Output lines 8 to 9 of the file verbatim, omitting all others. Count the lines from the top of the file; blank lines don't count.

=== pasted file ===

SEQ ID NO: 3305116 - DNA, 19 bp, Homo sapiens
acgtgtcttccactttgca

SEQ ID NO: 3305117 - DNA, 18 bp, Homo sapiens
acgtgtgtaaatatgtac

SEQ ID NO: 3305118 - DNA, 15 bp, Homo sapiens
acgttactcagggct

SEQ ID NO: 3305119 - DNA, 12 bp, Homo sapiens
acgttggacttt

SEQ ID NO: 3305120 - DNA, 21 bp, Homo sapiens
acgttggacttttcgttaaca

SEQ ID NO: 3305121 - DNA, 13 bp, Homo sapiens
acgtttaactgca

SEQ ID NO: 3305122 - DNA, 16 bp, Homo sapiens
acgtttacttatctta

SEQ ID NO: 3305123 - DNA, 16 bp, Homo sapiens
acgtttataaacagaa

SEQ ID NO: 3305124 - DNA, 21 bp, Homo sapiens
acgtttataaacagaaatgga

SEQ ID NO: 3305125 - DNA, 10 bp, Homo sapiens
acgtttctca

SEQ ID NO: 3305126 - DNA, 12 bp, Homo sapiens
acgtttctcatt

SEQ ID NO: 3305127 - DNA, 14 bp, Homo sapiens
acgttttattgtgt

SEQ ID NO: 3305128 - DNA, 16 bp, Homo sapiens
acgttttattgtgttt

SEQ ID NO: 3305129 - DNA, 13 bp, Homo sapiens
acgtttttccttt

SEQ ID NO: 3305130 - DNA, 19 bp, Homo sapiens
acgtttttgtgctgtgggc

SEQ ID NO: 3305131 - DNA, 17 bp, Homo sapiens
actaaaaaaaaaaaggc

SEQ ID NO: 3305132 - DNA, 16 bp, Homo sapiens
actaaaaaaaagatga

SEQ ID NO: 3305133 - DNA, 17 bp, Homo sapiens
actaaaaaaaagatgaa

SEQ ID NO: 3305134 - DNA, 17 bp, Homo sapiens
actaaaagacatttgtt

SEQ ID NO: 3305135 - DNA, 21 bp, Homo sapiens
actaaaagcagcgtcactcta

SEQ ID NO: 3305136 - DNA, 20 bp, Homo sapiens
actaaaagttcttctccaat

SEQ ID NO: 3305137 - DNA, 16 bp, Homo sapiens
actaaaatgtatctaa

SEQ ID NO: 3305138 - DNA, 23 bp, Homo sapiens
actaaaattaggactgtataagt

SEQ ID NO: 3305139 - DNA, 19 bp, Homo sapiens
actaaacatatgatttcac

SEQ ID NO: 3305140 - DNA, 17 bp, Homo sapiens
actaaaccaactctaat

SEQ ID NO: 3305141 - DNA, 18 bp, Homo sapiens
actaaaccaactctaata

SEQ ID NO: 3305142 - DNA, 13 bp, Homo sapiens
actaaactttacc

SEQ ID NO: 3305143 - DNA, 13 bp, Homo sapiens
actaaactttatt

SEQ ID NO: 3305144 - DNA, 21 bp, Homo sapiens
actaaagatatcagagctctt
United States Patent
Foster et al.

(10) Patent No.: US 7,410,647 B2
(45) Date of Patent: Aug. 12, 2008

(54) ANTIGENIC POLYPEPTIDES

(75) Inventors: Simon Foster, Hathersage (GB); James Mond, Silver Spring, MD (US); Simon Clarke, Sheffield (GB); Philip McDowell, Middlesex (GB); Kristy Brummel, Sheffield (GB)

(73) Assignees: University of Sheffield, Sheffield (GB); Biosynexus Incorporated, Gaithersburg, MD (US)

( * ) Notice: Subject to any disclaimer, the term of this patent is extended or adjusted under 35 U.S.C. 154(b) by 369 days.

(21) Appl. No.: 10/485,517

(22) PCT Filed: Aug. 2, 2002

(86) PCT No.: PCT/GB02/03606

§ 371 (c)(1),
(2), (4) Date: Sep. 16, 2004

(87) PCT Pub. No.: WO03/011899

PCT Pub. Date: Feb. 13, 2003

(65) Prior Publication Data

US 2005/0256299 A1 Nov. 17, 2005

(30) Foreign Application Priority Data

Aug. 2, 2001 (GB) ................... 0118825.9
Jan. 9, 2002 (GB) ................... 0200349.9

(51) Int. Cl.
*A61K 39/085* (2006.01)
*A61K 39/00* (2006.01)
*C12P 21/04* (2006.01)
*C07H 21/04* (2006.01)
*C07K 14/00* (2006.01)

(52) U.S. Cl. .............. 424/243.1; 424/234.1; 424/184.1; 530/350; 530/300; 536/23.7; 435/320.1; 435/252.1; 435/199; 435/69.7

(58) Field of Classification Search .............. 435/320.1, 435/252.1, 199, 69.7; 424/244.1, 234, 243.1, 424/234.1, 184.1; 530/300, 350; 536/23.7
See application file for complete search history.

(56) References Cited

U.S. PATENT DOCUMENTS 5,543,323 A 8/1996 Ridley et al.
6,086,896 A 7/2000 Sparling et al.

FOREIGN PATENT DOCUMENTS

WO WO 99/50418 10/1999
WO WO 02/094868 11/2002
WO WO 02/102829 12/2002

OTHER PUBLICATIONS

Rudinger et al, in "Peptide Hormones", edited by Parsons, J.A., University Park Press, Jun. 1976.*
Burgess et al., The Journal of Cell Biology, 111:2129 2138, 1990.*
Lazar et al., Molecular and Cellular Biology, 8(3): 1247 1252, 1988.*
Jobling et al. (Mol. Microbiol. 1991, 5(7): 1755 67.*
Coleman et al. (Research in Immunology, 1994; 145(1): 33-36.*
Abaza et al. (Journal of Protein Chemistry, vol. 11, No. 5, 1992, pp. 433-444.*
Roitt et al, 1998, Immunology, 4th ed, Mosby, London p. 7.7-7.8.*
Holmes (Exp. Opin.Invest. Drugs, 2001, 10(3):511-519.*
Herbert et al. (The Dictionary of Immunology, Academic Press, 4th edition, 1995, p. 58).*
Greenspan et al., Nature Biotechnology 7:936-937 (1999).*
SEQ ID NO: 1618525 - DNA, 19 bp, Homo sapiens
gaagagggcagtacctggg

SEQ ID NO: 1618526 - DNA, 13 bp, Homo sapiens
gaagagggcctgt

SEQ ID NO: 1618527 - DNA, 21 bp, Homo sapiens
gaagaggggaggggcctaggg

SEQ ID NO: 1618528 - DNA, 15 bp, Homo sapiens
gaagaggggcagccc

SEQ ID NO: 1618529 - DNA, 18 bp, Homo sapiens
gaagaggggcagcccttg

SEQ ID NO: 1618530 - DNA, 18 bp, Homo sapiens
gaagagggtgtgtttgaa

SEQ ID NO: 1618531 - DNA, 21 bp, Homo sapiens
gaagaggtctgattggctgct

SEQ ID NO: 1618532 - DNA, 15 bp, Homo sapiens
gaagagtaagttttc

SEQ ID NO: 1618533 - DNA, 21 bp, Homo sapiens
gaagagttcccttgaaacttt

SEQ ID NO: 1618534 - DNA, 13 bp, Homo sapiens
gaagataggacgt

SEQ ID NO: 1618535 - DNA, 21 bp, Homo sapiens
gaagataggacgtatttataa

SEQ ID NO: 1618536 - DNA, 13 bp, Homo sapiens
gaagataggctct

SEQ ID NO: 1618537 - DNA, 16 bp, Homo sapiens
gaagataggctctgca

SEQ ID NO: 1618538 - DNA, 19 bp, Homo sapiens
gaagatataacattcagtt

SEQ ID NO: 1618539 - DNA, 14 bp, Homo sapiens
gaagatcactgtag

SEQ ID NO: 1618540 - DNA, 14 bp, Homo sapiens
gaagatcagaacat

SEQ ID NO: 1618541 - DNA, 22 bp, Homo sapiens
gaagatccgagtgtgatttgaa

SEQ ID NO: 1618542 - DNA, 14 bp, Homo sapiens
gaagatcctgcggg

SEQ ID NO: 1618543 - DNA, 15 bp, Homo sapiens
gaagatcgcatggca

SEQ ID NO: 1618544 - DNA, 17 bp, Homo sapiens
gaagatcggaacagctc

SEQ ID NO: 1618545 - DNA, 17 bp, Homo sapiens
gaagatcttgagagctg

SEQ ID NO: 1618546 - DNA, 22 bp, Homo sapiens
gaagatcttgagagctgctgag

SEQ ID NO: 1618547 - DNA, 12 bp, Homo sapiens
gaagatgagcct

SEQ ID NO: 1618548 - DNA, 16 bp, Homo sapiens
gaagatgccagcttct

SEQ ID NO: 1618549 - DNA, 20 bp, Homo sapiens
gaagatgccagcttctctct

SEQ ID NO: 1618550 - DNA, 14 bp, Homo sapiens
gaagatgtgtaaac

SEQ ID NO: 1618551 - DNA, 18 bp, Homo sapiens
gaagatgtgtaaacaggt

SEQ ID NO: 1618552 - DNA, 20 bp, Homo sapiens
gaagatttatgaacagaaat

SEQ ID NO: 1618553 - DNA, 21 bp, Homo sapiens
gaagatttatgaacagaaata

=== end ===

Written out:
acgttggacttt

SEQ ID NO: 3305120 - DNA, 21 bp, Homo sapiens